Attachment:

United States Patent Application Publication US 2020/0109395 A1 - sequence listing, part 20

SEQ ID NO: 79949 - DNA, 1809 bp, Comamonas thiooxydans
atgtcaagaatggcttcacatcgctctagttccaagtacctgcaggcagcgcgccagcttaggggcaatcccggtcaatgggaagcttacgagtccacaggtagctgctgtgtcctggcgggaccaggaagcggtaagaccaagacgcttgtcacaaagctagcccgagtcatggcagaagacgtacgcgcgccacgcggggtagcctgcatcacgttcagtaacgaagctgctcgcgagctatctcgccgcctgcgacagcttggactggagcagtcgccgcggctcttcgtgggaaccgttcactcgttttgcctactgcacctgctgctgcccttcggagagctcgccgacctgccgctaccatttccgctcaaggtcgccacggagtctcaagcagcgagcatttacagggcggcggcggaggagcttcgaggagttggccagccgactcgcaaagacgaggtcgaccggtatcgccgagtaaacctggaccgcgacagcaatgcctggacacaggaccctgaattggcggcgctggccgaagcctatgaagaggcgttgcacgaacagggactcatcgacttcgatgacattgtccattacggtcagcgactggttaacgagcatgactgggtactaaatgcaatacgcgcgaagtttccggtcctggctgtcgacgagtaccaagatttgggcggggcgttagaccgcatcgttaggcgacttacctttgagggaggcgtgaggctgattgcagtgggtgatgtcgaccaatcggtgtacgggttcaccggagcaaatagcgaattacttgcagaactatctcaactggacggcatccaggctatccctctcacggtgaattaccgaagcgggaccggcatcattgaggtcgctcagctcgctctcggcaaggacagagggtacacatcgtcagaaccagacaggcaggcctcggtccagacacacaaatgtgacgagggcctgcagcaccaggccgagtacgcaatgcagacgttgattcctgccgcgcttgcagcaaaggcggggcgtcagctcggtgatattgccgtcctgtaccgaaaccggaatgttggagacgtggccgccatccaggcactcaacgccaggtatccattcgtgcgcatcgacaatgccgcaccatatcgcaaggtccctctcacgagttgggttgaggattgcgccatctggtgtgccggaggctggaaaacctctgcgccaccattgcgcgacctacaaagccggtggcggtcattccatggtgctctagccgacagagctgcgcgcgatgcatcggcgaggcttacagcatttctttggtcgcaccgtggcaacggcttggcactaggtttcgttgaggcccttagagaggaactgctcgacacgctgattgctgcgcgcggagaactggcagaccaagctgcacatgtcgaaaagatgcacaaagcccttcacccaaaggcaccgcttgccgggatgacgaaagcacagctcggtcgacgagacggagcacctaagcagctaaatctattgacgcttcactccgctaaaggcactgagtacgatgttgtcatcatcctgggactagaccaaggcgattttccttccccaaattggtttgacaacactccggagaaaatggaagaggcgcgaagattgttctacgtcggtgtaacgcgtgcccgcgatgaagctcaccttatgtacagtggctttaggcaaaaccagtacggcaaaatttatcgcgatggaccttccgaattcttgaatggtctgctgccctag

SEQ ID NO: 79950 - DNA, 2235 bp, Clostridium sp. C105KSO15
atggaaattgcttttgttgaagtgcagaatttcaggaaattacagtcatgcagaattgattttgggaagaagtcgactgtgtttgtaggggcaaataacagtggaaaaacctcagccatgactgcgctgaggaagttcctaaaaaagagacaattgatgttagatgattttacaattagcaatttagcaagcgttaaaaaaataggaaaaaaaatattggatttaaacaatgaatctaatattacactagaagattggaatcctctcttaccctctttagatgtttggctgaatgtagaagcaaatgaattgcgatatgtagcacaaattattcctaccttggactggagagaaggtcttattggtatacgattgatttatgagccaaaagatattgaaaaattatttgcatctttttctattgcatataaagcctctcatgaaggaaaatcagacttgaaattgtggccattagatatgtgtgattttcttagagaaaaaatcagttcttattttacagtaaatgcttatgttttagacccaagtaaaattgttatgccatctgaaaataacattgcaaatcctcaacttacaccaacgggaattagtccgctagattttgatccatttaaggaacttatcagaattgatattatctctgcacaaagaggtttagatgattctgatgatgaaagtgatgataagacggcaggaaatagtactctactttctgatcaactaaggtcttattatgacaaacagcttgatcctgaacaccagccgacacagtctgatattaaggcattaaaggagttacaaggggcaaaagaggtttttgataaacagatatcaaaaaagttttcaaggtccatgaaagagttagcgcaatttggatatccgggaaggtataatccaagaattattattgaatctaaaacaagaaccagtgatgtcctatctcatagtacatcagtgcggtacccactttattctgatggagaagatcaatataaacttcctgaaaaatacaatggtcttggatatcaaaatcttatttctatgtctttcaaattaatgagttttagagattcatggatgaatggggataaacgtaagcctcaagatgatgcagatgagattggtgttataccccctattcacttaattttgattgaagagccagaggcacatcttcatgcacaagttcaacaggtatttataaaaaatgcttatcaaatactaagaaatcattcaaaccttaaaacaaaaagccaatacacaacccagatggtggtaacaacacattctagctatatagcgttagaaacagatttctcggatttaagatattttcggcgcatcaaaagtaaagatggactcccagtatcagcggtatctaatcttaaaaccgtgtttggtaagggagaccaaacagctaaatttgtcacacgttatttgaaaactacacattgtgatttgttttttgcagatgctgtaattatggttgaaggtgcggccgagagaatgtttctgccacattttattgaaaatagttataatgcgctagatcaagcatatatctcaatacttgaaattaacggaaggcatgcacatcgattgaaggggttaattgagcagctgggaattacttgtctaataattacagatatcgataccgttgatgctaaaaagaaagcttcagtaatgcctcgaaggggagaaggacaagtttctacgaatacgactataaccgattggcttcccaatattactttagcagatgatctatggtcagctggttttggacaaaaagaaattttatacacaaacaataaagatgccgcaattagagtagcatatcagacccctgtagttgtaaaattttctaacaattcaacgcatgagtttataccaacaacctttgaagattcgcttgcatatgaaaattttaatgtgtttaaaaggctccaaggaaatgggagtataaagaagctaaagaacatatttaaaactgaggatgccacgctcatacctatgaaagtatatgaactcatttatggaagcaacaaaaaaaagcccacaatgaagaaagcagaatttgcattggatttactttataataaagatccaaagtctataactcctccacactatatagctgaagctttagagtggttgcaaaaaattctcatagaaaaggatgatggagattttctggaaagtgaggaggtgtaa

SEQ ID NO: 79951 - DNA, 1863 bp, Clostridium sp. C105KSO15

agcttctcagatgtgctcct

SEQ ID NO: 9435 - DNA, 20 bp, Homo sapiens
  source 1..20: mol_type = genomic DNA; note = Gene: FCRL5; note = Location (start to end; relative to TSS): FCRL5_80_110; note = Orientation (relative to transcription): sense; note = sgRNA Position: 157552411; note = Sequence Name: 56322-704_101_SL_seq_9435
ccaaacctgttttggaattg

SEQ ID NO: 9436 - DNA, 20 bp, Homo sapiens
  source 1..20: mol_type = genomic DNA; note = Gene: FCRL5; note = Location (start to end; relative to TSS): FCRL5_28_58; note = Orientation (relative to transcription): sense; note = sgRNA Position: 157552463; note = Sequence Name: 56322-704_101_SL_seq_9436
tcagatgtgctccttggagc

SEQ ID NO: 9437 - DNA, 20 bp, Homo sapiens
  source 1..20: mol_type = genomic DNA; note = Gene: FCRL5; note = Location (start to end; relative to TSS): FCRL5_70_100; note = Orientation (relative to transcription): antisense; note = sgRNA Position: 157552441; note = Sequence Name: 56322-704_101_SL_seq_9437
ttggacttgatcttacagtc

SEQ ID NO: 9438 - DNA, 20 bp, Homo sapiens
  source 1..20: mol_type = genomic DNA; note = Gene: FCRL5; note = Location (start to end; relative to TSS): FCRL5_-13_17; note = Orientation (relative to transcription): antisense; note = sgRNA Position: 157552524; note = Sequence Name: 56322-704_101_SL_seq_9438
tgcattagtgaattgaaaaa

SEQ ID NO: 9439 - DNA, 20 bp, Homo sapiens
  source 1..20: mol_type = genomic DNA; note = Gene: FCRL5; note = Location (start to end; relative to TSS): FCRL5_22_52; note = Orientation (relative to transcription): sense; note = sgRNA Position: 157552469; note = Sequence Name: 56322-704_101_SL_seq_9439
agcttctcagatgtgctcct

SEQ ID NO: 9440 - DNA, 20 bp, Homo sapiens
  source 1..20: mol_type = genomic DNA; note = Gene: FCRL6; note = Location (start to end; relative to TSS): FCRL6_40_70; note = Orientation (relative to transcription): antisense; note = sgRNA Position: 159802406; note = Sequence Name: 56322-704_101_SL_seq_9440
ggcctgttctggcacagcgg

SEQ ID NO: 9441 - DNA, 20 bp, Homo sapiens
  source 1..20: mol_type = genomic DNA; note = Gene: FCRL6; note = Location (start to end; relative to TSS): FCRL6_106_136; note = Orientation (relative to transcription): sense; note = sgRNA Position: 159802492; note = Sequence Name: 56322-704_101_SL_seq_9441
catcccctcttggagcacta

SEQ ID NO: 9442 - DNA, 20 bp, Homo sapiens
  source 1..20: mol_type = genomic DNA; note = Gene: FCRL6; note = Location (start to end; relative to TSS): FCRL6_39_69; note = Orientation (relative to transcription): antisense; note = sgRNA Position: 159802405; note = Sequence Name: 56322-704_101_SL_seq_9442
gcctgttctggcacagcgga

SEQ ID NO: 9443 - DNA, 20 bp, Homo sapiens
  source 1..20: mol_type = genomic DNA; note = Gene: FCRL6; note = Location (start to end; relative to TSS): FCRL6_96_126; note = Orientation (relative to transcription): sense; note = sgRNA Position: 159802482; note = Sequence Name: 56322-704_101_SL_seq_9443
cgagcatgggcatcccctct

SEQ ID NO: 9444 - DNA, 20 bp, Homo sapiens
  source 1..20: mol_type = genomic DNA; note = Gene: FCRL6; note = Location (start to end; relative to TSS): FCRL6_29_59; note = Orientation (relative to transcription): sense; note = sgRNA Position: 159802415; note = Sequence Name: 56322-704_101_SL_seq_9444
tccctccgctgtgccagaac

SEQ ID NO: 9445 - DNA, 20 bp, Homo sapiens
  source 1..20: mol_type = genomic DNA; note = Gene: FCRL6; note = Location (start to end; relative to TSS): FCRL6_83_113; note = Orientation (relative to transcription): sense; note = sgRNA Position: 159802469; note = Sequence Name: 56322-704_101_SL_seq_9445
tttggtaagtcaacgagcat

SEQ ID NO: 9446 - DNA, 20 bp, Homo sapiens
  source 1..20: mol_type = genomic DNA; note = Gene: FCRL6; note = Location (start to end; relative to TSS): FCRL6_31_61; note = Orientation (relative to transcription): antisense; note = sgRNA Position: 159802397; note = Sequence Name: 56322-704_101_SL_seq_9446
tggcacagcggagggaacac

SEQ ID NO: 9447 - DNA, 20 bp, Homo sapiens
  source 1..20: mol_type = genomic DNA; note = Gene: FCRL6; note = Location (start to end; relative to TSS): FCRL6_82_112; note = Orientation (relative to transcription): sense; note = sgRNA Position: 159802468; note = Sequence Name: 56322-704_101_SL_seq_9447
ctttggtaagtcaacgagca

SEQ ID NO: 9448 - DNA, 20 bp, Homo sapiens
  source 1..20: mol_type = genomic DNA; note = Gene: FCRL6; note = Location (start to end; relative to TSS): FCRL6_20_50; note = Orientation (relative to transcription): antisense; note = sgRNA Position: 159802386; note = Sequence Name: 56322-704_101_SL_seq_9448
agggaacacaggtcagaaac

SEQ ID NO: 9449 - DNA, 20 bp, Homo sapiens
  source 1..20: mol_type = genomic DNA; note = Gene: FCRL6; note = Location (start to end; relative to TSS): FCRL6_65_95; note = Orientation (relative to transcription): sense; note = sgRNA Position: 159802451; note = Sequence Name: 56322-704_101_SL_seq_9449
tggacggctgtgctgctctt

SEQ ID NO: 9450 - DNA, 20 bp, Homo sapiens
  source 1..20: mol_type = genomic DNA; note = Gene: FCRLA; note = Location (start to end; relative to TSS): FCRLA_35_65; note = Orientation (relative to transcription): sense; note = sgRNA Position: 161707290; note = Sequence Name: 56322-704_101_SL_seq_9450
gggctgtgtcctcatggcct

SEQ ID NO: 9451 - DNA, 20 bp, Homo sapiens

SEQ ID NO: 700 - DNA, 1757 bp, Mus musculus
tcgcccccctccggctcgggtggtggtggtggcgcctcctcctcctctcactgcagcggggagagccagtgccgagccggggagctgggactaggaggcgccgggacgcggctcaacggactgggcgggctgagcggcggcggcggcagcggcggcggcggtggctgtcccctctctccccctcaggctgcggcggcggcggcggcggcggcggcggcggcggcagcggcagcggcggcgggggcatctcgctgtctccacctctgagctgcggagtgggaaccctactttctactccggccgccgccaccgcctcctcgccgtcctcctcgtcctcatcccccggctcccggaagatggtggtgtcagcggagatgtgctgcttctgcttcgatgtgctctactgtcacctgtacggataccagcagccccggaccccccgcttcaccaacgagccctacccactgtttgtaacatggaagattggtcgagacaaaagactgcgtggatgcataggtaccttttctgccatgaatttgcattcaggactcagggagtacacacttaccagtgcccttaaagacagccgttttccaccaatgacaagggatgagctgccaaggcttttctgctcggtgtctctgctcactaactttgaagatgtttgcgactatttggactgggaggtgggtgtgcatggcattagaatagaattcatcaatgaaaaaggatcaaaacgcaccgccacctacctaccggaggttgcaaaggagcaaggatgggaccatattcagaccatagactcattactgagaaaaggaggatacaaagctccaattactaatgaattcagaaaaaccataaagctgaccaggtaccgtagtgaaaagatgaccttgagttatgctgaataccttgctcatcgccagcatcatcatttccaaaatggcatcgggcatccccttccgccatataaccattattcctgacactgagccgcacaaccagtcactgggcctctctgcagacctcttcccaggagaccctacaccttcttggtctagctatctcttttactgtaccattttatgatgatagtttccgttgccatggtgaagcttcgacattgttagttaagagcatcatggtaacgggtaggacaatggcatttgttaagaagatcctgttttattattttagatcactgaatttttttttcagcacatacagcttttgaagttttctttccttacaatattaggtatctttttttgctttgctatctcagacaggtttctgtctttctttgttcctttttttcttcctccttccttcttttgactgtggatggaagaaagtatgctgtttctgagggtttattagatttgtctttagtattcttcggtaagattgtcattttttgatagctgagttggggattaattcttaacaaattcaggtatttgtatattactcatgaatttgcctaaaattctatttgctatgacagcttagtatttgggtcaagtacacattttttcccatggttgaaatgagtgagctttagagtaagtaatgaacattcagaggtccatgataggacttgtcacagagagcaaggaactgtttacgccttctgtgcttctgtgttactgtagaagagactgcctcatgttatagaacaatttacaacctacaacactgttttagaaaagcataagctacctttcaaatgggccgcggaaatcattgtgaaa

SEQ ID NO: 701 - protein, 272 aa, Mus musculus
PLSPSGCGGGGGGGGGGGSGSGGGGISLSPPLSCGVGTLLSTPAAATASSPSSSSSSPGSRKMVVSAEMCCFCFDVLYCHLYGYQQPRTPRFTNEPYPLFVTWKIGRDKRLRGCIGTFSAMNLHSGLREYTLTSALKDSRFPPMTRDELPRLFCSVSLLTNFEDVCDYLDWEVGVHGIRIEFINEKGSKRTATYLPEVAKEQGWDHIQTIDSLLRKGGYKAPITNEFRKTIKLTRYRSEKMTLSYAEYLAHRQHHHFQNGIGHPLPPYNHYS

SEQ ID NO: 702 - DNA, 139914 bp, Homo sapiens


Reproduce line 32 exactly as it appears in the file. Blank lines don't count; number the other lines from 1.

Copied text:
SEQ ID NO: 9443 - DNA, 20 bp, Homo sapiens